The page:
where the last inequality follows from Hölder’s inequality. Hence we get that , which implies that . The number of corridors is the number of vertices of at the level, which implies that the complexity of the level of is . ∎
Agarwal et al. [1] present a general technique, based on random sampling and the analysis of Clarkson and Shor [7], for transforming an upper bound on the number of sets that is independent of to a bound that does depend on . Hence, by combining the upper bound in Lemma 7 with the technique of [1], we get the following result:
Theorem 1.
The complexity of the level of is .
We remark that this bound is weaker than the bound established in [15], which was obtained using a more refined argument than the one based on the Crossing Lemma. We use the weaker analysis presented above because of the generalization of Euler’s formula to arrangements of pseudolines, due to Tamaki and Tokuyama [17], which allows us to extend our analysis to the case of pseudoplanes, as described in the following section.
3 The case of pseudoplanes
We say that a family of surfaces in is a family of pseudoplanes in general position if

The surfaces of are graphs of total bivariate continuous functions.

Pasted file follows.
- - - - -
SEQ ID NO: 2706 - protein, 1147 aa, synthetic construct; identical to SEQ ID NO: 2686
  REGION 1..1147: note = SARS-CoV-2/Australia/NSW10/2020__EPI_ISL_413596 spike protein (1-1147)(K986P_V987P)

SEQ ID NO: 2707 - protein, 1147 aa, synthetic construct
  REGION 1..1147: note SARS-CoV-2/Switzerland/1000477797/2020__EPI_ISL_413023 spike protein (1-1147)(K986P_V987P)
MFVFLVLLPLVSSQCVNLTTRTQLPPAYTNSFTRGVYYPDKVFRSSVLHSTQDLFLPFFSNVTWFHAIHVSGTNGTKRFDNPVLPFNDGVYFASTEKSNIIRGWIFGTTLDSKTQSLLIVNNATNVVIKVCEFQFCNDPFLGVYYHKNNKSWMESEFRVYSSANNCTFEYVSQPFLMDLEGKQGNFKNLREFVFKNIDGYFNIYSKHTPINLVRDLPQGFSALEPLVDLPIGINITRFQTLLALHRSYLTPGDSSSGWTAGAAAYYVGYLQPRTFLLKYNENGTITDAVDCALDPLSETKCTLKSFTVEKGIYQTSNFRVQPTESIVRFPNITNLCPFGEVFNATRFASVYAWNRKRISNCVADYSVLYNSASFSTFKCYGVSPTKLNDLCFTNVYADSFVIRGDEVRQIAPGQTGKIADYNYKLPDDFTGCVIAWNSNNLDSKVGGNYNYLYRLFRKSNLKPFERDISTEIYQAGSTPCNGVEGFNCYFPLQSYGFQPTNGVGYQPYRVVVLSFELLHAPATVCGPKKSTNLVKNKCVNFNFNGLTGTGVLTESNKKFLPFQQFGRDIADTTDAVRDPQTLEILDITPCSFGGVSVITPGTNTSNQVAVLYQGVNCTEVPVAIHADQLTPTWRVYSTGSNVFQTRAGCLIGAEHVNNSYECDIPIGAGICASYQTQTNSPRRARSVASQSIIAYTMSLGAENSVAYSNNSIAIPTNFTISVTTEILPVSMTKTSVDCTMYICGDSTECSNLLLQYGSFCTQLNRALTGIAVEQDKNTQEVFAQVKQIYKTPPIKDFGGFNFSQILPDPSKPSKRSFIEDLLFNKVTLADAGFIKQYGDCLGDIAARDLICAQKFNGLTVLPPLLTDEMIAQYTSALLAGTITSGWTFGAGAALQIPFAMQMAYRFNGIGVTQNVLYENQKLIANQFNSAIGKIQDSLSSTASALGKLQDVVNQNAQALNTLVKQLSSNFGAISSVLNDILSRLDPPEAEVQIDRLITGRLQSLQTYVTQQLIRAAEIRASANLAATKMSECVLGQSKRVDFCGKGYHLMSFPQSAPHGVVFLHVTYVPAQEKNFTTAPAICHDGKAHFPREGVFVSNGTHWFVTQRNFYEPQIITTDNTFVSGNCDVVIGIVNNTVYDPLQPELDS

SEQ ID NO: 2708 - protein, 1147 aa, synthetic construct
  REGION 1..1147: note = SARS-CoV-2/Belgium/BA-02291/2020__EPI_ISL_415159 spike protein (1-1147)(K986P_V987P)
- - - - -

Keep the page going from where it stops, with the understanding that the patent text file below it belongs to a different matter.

The intersection of any pair of surfaces in is a connected monotone unbounded curve.

Any triple of surfaces in intersect in exactly one point.

The projections of the set of all intersection curves of the surfaces form a family of pseudolines in the plane. That is, this is a collection of monotone unbounded curves, each pair of which intersect exactly once; see [3] for more details.
The assumption that the pseudoplanes of are in general position means that no point is incident to more than three pseudoplanes, no intersection curve of two pseudoplanes is tangent to a third pseudoplane, and no two pseudoplanes are tangent to each other. We note that conditions (1)–(3) are natural, but condition (4) might appear somewhat restrictive, although it obviously holds for planes. For any , we denote the intersection curve by , and the intersection point by .
Definition 5.